indian cinema heritage foundation

Ek Baar Phir (1980)

  • Release Date07/03/1980
  • GenreDrama
  • FormatColour
  • LanguageHindi
  • Run Time157
  • Length4294 meters
  • Number of Reels16
  • Gauge35 mm
  • Censor RatingA
  • Censor Certificate Number4570
  • Certificate Date10/10/1979
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EK BAAR PHIR is a film about life’s turning points. Points where one is forced to re-examine the virtue and validity of one’s relationships-even the sacred relationship of marriage. Many of us arrive at this turning point.

 

Mahendra, one of the most sought after movie stars of the Indian Screen, is visiting London to make a personal appearance at the opening of his newest picture in London and also to participate in the shooting of another film under production. He is accompanied by his wife Kalpana, who wants to make use of the opportunity to do some shopping, and also if possible, to do a short term course in contemporary European painting, a subject she has loved since her college days.

 

Mahendra and Kalpana are two very different personalities. Mahendra, essentially an extrovert, is proud, arrogant and ruthless. Kalpana, on the other hand is a soft, gentle and honest person. Kalpana’s naïve impression of the film world-a world where art, love and poetry would be the main inspiration for everybody, had induced her to consent to marry Mahendra. She soon discovers that it is all a myth. It is a totally different world from that which she had hoped it to be. She finds her husband, who had fascinated her before marriage to be weak and insensitive person, engulfed in a shell of a foolish make-belief world of idolators, sycophants, selfish small producers, lies, deception, plots and scandals.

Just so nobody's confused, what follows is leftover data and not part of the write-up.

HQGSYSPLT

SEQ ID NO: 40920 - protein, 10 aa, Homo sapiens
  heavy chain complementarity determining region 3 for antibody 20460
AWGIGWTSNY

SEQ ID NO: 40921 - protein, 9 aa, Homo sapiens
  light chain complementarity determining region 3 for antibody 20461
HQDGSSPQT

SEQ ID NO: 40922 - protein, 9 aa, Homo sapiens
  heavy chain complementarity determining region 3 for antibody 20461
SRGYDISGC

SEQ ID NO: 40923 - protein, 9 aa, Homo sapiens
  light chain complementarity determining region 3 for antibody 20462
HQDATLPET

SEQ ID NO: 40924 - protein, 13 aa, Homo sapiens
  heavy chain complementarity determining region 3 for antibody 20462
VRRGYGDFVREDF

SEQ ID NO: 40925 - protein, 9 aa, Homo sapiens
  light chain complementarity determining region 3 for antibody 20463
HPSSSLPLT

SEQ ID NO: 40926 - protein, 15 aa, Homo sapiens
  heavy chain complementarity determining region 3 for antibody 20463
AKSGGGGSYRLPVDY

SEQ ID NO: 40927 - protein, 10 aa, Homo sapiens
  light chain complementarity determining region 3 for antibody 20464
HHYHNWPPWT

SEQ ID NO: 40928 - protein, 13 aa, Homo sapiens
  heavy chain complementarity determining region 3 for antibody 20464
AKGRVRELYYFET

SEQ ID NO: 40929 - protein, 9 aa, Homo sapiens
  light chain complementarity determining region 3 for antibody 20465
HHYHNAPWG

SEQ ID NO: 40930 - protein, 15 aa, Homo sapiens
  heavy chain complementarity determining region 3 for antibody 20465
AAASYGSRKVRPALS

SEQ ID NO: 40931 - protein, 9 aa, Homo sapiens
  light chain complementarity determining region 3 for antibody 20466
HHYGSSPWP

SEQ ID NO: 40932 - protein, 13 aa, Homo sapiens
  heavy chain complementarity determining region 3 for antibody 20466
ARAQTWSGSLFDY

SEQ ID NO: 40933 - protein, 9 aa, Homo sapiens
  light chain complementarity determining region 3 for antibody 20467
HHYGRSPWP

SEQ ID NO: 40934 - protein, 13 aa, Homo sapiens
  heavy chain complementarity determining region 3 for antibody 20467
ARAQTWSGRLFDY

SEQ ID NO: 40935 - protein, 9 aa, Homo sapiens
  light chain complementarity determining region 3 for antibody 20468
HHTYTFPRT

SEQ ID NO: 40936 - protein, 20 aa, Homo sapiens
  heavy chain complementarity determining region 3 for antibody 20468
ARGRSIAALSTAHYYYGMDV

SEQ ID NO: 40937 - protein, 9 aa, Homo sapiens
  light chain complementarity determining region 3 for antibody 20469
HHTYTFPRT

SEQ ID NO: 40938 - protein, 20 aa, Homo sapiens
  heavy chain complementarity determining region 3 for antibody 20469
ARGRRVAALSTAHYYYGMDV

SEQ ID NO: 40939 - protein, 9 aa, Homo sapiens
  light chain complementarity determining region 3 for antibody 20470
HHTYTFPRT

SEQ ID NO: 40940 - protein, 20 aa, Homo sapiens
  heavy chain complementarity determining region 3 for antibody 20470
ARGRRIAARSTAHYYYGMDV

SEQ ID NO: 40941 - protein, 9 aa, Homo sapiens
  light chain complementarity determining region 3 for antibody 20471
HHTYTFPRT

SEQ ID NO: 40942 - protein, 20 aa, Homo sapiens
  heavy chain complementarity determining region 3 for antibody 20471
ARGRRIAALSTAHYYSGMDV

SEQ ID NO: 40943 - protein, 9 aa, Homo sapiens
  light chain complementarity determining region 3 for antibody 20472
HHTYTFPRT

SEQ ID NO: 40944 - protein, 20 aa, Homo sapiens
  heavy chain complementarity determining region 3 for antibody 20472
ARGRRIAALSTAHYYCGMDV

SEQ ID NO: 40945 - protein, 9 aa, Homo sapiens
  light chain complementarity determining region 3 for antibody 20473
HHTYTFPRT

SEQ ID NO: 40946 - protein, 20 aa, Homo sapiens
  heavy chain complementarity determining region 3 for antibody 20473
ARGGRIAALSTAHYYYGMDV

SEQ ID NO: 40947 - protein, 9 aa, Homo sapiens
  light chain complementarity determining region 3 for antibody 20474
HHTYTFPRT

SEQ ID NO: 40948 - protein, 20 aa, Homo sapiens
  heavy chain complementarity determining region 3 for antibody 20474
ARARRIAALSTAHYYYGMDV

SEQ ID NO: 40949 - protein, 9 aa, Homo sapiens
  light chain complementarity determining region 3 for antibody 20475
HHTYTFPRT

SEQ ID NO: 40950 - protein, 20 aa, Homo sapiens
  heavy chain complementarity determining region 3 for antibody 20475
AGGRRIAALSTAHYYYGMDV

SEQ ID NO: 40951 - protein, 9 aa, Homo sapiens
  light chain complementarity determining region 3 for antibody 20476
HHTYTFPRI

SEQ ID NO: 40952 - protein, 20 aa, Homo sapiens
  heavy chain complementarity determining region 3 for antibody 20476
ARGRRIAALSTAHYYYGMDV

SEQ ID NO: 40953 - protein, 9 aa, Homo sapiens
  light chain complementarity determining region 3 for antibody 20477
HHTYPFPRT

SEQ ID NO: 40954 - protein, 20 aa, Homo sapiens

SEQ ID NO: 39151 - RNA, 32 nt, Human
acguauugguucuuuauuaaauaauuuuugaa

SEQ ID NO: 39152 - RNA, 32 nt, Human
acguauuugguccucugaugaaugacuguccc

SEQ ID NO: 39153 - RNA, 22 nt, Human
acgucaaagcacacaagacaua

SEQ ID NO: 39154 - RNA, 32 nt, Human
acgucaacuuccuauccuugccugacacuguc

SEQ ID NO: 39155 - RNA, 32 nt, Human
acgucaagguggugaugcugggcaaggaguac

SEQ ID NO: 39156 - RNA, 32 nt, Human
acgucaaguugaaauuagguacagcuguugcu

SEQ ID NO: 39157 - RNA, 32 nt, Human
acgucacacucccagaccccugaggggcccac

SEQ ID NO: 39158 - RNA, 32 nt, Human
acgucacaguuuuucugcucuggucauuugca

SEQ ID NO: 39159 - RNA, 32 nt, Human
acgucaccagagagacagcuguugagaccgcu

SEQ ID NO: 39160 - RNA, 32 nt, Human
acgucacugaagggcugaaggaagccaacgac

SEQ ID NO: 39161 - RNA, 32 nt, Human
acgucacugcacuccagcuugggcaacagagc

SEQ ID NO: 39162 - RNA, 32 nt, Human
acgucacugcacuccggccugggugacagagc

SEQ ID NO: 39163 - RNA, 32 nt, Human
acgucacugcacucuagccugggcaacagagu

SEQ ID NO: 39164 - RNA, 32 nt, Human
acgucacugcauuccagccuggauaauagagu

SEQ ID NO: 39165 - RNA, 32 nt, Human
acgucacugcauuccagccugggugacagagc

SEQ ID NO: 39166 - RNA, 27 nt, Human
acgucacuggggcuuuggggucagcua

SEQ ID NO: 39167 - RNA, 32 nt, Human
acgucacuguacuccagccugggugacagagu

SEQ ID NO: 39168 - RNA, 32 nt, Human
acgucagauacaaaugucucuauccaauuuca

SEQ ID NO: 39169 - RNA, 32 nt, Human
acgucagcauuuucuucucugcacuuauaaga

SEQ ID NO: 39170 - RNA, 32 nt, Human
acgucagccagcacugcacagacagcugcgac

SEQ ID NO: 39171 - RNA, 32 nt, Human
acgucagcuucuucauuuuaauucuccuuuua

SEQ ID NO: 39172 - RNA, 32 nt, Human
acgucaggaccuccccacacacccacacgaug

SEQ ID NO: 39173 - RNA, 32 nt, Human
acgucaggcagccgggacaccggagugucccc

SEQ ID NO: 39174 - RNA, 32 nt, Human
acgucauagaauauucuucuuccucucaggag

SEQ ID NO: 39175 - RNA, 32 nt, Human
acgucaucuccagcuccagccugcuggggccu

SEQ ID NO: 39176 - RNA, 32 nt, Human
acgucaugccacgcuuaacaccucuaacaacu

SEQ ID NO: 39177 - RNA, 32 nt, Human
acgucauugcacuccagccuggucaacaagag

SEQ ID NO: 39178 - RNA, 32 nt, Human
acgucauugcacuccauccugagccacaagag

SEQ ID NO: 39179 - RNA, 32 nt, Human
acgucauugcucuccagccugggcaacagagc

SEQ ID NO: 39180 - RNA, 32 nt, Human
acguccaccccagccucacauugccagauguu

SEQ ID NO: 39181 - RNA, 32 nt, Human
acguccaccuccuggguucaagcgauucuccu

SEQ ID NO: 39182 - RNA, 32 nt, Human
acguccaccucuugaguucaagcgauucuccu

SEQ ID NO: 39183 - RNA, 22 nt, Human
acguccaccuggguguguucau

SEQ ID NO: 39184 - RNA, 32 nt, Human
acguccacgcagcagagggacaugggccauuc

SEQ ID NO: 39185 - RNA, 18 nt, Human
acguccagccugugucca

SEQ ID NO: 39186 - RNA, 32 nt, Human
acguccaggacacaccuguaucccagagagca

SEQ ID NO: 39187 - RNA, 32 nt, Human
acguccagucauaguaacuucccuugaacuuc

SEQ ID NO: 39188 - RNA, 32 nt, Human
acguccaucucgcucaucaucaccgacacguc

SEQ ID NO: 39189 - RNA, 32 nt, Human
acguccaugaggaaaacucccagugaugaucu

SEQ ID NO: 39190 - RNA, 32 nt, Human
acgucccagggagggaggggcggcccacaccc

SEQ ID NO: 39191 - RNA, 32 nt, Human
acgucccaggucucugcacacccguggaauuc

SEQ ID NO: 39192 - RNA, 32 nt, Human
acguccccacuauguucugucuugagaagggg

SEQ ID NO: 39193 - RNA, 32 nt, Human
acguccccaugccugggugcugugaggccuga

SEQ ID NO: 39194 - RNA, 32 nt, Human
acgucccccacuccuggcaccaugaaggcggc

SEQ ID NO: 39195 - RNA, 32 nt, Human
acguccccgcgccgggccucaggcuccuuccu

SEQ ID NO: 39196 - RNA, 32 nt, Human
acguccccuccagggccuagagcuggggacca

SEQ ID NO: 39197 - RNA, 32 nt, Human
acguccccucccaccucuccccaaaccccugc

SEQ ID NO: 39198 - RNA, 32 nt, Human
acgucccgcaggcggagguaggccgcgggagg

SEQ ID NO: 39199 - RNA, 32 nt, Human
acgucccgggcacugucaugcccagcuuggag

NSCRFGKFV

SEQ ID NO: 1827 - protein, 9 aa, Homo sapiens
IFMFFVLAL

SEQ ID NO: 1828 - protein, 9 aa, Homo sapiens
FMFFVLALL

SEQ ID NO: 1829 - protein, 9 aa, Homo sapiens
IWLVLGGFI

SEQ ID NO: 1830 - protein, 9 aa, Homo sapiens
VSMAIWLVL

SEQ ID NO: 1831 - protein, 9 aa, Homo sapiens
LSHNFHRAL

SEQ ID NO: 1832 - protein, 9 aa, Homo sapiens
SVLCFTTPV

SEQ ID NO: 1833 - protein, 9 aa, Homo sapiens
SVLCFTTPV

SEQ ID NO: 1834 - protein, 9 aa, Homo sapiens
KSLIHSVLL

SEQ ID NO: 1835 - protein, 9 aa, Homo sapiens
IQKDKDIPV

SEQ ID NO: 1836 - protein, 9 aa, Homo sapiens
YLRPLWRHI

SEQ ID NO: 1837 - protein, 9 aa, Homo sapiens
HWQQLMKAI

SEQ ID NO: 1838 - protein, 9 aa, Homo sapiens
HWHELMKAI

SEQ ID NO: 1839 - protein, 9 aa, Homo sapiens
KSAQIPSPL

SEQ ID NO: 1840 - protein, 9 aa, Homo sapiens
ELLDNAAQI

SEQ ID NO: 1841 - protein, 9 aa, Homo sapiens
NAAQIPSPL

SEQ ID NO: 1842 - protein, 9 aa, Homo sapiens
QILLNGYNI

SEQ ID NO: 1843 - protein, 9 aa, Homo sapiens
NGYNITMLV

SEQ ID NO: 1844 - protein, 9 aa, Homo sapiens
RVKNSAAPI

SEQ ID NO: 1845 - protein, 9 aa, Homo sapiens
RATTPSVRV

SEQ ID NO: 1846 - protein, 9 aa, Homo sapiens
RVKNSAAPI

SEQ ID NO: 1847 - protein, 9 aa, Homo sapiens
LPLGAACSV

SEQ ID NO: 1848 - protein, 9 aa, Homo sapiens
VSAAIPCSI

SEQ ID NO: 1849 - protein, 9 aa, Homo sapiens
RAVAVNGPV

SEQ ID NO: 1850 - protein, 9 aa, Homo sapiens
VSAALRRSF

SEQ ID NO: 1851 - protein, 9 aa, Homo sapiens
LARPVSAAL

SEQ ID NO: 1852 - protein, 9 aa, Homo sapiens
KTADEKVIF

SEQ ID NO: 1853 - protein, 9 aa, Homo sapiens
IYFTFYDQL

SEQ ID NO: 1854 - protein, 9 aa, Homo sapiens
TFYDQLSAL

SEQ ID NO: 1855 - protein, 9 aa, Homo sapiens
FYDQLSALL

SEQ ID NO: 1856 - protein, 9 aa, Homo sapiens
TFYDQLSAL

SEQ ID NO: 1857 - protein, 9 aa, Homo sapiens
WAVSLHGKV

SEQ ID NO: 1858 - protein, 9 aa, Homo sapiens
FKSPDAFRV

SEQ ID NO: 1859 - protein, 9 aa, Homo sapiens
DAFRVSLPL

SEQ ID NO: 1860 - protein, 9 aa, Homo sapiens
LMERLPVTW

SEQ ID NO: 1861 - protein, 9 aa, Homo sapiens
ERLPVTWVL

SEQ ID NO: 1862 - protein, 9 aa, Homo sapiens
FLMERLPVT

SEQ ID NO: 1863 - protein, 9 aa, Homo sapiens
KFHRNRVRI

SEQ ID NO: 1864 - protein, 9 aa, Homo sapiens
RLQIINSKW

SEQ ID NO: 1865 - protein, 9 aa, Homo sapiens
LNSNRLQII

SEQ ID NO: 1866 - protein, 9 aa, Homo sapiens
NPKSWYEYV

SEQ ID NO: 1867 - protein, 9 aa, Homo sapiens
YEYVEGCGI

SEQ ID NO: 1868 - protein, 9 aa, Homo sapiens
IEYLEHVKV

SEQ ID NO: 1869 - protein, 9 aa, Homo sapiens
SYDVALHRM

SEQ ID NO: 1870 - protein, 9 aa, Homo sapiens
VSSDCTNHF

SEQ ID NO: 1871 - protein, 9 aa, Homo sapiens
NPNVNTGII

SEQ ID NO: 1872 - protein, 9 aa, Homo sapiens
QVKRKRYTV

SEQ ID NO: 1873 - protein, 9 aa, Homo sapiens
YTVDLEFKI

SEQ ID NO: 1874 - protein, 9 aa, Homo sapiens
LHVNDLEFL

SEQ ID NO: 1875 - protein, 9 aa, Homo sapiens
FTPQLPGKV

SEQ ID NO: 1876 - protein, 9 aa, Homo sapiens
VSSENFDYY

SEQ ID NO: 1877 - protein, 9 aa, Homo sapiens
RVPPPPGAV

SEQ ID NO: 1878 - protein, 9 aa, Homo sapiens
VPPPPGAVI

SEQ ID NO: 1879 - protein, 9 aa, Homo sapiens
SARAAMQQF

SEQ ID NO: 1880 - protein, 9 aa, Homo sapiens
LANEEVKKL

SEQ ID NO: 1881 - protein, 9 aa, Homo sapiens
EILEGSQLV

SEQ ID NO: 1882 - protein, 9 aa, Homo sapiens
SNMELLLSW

Kalpana’s boredom grows as she finds herself more and more isolated an outsider to her husband’s hollow and stupid world where there is glamour but no life, where there is always talk of love and poetry but no real trace of innocent, unpretentious love. However, she compromises. She accepts that life is an arrangement, an act, in which she must play her part sincerely and live up to social expectations.

 

In London, she meets an artist, a young Indian called Vimal. He is neither rich nor handsome, but he is deep and refreshingly original. With Vimal she discovers that life can have a meaning, a tone and a tune. Unwittingly, a feeling of affection and belonging grows between them and driven by inherent vibrations within them, it finds expression-they make love.

 

She becomes aware of the fact that life with her husband has been a façade, a pool of intellectual and physical frigidity. Yet her sacraments try to prevent her from breaking up. After going through a painful dilemma she decides that her life has to be with her husband. She suggests to her lover, who is deeply in love with her, that they should part. Vimal accepts, but pleads that she should meet him at least once again before going back to Bombay.

 

She does. After this, she realizes that her life with her husband is meaningless and an act of dishonesty. She realizes also, that her relationship with Vimal is honest and real.

 

(From the official press booklet)

 

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